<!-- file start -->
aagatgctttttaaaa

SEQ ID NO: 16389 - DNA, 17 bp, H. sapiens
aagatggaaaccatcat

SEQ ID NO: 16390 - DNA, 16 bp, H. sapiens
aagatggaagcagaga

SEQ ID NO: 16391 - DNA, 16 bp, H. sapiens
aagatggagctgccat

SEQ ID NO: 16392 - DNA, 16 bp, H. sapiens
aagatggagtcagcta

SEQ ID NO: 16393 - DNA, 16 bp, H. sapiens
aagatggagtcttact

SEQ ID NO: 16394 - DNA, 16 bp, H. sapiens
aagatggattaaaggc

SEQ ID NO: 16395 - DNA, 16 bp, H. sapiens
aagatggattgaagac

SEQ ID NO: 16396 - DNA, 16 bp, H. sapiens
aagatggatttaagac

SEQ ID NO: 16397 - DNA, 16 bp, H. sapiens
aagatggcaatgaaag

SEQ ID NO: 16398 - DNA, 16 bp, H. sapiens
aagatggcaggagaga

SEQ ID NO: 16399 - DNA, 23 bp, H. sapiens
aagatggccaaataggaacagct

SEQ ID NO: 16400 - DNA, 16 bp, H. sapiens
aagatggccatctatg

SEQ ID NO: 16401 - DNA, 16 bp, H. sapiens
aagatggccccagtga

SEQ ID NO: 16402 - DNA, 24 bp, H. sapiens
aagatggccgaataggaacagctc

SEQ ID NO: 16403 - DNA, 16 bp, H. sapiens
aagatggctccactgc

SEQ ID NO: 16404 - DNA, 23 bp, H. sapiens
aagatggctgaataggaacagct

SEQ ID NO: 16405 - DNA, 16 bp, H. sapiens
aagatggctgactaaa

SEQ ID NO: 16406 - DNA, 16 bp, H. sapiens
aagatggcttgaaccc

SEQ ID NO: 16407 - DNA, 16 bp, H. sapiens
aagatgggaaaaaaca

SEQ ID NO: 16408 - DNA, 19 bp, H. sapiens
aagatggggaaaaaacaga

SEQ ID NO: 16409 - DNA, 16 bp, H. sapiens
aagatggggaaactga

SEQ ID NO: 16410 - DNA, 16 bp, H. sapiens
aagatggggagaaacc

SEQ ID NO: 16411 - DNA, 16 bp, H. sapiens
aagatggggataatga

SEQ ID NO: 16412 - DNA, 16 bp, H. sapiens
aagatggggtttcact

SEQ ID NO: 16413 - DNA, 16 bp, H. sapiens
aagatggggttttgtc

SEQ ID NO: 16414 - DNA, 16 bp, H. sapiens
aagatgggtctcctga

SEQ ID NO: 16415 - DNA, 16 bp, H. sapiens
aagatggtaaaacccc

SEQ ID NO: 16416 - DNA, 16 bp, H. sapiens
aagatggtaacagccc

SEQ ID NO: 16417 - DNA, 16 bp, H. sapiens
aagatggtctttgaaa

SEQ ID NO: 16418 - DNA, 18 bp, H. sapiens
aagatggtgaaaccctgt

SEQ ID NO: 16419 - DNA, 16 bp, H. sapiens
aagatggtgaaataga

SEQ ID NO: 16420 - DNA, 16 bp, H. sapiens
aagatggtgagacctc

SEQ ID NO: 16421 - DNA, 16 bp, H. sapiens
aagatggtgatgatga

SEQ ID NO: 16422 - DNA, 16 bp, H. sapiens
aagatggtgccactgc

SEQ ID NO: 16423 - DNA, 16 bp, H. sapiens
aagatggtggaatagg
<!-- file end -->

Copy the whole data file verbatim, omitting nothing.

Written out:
aagatgctttttaaaa

SEQ ID NO: 16389 - DNA, 17 bp, H. sapiens
aagatggaaaccatcat

SEQ ID NO: 16390 - DNA, 16 bp, H. sapiens
aagatggaagcagaga

SEQ ID NO: 16391 - DNA, 16 bp, H. sapiens
aagatggagctgccat

SEQ ID NO: 16392 - DNA, 16 bp, H. sapiens
aagatggagtcagcta

SEQ ID NO: 16393 - DNA, 16 bp, H. sapiens
aagatggagtcttact

SEQ ID NO: 16394 - DNA, 16 bp, H. sapiens
aagatggattaaaggc

SEQ ID NO: 16395 - DNA, 16 bp, H. sapiens
aagatggattgaagac

SEQ ID NO: 16396 - DNA, 16 bp, H. sapiens
aagatggatttaagac

SEQ ID NO: 16397 - DNA, 16 bp, H. sapiens
aagatggcaatgaaag

SEQ ID NO: 16398 - DNA, 16 bp, H. sapiens
aagatggcaggagaga

SEQ ID NO: 16399 - DNA, 23 bp, H. sapiens
aagatggccaaataggaacagct

SEQ ID NO: 16400 - DNA, 16 bp, H. sapiens
aagatggccatctatg

SEQ ID NO: 16401 - DNA, 16 bp, H. sapiens
aagatggccccagtga

SEQ ID NO: 16402 - DNA, 24 bp, H. sapiens
aagatggccgaataggaacagctc

SEQ ID NO: 16403 - DNA, 16 bp, H. sapiens
aagatggctccactgc

SEQ ID NO: 16404 - DNA, 23 bp, H. sapiens
aagatggctgaataggaacagct

SEQ ID NO: 16405 - DNA, 16 bp, H. sapiens
aagatggctgactaaa

SEQ ID NO: 16406 - DNA, 16 bp, H. sapiens
aagatggcttgaaccc

SEQ ID NO: 16407 - DNA, 16 bp, H. sapiens
aagatgggaaaaaaca

SEQ ID NO: 16408 - DNA, 19 bp, H. sapiens
aagatggggaaaaaacaga

SEQ ID NO: 16409 - DNA, 16 bp, H. sapiens
aagatggggaaactga

SEQ ID NO: 16410 - DNA, 16 bp, H. sapiens
aagatggggagaaacc

SEQ ID NO: 16411 - DNA, 16 bp, H. sapiens
aagatggggataatga

SEQ ID NO: 16412 - DNA, 16 bp, H. sapiens
aagatggggtttcact

SEQ ID NO: 16413 - DNA, 16 bp, H. sapiens
aagatggggttttgtc

SEQ ID NO: 16414 - DNA, 16 bp, H. sapiens
aagatgggtctcctga

SEQ ID NO: 16415 - DNA, 16 bp, H. sapiens
aagatggtaaaacccc

SEQ ID NO: 16416 - DNA, 16 bp, H. sapiens
aagatggtaacagccc

SEQ ID NO: 16417 - DNA, 16 bp, H. sapiens
aagatggtctttgaaa

SEQ ID NO: 16418 - DNA, 18 bp, H. sapiens
aagatggtgaaaccctgt

SEQ ID NO: 16419 - DNA, 16 bp, H. sapiens
aagatggtgaaataga

SEQ ID NO: 16420 - DNA, 16 bp, H. sapiens
aagatggtgagacctc

SEQ ID NO: 16421 - DNA, 16 bp, H. sapiens
aagatggtgatgatga

SEQ ID NO: 16422 - DNA, 16 bp, H. sapiens
aagatggtgccactgc

SEQ ID NO: 16423 - DNA, 16 bp, H. sapiens
aagatggtggaatagg